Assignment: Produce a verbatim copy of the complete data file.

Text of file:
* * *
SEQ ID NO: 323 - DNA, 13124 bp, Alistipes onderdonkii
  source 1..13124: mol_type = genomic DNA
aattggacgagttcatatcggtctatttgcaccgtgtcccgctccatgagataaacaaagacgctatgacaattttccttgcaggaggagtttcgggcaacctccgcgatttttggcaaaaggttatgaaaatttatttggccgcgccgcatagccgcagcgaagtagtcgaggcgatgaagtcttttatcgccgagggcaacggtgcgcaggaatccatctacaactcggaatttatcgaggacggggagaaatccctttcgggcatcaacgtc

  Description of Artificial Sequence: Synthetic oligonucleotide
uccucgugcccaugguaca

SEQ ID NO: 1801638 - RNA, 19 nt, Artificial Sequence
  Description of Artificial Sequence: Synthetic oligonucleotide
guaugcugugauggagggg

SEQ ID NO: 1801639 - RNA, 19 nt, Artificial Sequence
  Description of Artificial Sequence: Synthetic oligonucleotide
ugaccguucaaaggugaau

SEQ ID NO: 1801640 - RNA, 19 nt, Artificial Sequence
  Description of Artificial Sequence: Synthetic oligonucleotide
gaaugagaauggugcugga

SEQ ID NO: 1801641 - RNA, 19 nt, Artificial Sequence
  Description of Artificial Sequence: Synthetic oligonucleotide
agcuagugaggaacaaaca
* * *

SEQ ID NO: 323 - DNA, 13124 bp, Alistipes onderdonkii
  source 1..13124: mol_type = genomic DNA
aattggacgagttcatatcggtctatttgcaccgtgtcccgctccatgagataaacaaagacgctatgacaattttccttgcaggaggagtttcgggcaacctccgcgatttttggcaaaaggttatgaaaatttatttggccgcgccgcatagccgcagcgaagtagtcgaggcgatgaagtcttttatcgccgagggcaacggtgcgcaggaatccatctacaactcggaatttatcgaggacggggagaaatccctttcgggcatcaacgtc

  Description of Artificial Sequence: Synthetic oligonucleotide
uccucgugcccaugguaca

SEQ ID NO: 1801638 - RNA, 19 nt, Artificial Sequence
  Description of Artificial Sequence: Synthetic oligonucleotide
guaugcugugauggagggg

SEQ ID NO: 1801639 - RNA, 19 nt, Artificial Sequence
  Description of Artificial Sequence: Synthetic oligonucleotide
ugaccguucaaaggugaau

SEQ ID NO: 1801640 - RNA, 19 nt, Artificial Sequence
  Description of Artificial Sequence: Synthetic oligonucleotide
gaaugagaauggugcugga

SEQ ID NO: 1801641 - RNA, 19 nt, Artificial Sequence
  Description of Artificial Sequence: Synthetic oligonucleotide
agcuagugaggaacaaaca